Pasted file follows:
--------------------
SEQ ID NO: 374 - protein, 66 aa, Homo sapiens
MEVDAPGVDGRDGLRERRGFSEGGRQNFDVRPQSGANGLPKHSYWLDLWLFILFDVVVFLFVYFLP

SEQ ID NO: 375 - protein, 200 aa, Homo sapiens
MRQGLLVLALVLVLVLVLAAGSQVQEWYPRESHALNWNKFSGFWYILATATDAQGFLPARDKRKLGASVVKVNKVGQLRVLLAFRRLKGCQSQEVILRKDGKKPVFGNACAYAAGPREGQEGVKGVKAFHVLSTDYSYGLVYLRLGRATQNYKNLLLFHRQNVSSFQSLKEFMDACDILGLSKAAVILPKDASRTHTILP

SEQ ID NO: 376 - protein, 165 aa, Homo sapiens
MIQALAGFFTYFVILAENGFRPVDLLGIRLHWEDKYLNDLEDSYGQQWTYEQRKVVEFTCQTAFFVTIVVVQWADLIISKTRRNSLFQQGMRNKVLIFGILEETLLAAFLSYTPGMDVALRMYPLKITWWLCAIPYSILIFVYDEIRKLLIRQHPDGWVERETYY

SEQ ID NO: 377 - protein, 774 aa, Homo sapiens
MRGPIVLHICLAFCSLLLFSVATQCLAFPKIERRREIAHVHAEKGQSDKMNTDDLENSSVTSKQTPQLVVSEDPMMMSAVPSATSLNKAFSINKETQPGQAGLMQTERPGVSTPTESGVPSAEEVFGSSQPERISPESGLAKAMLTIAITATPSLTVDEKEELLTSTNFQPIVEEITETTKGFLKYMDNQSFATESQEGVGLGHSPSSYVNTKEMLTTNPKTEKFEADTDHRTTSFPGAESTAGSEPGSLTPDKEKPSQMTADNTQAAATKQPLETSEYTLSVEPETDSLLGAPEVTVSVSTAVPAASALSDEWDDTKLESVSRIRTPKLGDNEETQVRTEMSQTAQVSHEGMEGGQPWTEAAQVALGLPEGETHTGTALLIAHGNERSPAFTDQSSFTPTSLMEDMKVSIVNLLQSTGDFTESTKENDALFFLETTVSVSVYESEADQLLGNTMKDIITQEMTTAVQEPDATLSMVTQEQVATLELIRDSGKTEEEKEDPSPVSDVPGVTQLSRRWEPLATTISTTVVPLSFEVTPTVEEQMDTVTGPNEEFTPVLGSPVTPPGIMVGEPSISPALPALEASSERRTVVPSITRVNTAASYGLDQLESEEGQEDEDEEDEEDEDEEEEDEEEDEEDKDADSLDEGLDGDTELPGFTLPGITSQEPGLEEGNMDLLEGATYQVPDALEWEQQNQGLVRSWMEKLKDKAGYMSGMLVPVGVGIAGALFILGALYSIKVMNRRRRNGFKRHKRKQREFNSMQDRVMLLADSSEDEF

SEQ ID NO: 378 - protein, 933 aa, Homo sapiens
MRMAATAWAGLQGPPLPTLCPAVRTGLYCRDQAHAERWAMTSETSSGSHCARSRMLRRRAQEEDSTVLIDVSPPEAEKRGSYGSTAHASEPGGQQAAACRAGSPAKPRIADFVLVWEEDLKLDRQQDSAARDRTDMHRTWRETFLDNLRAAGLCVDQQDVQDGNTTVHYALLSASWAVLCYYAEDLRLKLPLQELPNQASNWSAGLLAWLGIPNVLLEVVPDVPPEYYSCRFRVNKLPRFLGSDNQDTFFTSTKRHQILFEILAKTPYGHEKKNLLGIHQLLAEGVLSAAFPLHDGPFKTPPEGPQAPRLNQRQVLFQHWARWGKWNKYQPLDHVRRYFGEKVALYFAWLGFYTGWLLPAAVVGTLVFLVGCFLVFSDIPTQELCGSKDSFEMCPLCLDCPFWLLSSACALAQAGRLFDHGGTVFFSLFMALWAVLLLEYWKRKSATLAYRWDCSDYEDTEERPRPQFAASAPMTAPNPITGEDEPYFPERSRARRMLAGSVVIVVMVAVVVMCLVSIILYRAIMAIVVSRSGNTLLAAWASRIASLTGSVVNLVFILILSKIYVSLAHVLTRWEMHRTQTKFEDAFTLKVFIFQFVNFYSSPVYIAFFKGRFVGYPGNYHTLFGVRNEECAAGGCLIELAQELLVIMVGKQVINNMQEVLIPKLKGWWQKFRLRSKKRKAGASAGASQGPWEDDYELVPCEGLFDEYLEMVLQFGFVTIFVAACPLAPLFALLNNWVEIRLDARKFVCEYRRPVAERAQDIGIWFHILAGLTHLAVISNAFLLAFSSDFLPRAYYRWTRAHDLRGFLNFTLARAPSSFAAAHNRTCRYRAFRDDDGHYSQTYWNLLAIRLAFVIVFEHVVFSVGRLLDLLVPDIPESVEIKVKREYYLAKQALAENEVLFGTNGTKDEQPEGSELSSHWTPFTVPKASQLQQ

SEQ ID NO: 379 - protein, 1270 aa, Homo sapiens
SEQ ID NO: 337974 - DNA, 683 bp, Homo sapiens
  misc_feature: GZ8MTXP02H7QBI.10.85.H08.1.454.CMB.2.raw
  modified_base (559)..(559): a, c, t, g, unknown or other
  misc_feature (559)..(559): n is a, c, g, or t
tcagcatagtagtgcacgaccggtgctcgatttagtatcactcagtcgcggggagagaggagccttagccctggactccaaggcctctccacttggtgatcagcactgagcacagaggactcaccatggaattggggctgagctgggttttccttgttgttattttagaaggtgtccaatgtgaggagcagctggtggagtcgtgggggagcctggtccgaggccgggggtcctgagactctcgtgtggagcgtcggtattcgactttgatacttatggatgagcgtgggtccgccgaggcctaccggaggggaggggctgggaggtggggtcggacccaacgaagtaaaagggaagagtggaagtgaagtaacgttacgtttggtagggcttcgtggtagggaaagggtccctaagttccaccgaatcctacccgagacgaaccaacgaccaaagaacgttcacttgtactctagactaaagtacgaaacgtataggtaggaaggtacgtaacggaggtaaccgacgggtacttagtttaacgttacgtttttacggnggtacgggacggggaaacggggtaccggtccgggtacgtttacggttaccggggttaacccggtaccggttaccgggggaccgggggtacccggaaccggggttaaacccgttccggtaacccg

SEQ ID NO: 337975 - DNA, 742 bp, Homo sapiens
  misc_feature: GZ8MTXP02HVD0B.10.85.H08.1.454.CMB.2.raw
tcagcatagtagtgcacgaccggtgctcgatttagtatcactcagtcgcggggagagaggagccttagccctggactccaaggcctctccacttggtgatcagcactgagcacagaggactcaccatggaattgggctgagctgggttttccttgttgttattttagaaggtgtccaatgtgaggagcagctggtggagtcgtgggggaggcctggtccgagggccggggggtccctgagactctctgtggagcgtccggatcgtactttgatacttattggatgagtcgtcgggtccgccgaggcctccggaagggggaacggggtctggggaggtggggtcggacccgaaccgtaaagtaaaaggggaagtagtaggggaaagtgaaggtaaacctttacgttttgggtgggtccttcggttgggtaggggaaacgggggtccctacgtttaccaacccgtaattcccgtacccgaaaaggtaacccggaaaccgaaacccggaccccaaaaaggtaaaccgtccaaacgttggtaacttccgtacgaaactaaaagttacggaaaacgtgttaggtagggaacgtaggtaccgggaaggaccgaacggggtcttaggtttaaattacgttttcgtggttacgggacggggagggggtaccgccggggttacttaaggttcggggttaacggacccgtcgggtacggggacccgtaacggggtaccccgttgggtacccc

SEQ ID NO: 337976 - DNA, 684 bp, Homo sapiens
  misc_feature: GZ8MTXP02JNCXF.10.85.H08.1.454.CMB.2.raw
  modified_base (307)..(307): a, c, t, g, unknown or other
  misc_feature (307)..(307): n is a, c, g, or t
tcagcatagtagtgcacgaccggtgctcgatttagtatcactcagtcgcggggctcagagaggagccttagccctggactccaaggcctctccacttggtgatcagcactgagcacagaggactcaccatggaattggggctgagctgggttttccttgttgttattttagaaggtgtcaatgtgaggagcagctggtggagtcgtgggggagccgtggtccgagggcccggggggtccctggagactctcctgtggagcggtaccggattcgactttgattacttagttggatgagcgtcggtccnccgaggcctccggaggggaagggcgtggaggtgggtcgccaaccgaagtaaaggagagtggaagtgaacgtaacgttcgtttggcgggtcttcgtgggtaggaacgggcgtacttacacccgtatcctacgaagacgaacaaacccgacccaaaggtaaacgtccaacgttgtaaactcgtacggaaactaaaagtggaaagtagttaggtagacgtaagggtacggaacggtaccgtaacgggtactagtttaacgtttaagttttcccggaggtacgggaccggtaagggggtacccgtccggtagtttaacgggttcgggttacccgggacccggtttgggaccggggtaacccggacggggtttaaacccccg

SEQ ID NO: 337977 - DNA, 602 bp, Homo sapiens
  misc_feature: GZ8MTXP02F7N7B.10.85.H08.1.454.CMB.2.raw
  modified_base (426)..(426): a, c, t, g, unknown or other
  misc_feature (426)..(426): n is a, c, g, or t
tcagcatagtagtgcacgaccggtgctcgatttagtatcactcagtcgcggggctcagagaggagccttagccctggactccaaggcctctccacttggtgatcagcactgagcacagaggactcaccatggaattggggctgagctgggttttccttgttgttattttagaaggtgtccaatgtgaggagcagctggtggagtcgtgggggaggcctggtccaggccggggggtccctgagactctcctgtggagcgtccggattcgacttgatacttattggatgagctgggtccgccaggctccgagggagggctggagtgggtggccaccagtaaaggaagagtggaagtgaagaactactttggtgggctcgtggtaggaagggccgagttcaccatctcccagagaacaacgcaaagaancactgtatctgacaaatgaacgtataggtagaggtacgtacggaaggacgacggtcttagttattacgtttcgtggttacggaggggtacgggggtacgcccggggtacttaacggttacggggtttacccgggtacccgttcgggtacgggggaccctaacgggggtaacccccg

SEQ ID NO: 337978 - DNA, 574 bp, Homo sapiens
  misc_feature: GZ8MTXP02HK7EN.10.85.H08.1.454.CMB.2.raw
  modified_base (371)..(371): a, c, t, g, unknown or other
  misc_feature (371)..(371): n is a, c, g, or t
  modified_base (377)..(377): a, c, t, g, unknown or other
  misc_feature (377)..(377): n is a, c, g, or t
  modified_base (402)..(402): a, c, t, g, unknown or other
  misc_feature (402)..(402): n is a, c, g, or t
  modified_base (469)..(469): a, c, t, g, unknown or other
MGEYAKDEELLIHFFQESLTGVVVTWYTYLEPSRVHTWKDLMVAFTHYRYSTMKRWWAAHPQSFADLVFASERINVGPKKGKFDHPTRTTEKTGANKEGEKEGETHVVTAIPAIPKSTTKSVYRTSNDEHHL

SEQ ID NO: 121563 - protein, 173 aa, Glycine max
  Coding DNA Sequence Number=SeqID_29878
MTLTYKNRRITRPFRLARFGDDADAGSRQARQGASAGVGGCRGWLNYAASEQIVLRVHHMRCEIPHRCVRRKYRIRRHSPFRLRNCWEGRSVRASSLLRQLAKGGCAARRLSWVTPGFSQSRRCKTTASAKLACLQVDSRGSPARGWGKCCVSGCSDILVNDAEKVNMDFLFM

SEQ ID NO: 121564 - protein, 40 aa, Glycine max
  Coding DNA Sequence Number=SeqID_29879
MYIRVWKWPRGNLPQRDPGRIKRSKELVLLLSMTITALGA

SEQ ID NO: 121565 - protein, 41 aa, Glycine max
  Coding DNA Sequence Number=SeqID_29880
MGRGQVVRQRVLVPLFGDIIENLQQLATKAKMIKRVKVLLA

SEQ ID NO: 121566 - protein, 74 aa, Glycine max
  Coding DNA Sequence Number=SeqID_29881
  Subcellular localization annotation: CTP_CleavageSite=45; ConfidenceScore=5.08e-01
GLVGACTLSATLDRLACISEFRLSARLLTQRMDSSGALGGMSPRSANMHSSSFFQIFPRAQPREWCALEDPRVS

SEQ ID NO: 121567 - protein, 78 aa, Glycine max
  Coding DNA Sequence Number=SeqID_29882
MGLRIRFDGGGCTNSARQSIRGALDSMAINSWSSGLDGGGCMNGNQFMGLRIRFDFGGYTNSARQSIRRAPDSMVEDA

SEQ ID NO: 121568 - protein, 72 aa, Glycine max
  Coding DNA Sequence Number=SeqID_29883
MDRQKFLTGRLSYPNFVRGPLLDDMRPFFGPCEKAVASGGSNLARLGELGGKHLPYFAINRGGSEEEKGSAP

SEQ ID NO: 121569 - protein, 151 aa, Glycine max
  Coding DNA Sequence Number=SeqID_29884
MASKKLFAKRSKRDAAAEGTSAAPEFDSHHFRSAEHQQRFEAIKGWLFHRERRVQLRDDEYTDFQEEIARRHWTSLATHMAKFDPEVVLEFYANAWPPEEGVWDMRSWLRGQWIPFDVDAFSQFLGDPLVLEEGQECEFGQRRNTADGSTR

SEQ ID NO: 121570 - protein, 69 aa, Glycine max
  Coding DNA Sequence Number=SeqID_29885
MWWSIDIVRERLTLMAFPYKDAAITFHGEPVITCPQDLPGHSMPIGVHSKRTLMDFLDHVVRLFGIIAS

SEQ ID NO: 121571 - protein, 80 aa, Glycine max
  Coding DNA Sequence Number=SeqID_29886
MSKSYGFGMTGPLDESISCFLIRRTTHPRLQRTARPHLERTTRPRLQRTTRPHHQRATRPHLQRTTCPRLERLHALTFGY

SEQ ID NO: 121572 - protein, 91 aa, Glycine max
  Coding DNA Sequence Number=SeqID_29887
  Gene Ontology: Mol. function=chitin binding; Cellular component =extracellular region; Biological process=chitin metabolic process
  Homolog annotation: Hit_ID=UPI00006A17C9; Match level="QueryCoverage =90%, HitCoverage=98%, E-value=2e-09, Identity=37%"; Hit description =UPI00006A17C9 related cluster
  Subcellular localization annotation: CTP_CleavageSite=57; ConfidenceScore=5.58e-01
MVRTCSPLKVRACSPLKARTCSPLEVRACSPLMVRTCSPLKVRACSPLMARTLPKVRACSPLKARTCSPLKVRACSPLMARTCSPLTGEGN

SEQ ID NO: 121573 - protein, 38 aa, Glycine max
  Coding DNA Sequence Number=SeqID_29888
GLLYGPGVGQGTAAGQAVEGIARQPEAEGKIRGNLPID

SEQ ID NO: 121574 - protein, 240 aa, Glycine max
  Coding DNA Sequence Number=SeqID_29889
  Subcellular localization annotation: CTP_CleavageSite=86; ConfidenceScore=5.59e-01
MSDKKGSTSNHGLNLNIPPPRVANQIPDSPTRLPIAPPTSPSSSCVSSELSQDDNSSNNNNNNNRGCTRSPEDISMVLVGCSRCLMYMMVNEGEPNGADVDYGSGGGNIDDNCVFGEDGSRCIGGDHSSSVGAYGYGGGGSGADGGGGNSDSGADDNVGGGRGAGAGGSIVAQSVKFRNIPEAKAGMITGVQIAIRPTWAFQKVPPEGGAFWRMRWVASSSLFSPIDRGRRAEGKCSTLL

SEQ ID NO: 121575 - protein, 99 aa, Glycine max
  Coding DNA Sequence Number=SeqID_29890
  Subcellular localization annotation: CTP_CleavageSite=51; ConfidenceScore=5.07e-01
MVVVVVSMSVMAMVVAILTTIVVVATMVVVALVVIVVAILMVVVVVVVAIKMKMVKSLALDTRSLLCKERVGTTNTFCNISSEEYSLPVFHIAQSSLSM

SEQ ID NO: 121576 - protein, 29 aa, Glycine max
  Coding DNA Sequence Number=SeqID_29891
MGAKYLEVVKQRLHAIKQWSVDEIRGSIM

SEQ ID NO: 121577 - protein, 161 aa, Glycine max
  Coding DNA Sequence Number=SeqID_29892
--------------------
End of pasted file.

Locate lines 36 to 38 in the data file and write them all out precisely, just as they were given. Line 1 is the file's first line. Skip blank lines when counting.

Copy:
  modified_base (402)..(402): a, c, t, g, unknown or other
  misc_feature (402)..(402): n is a, c, g, or t
  modified_base (469)..(469): a, c, t, g, unknown or other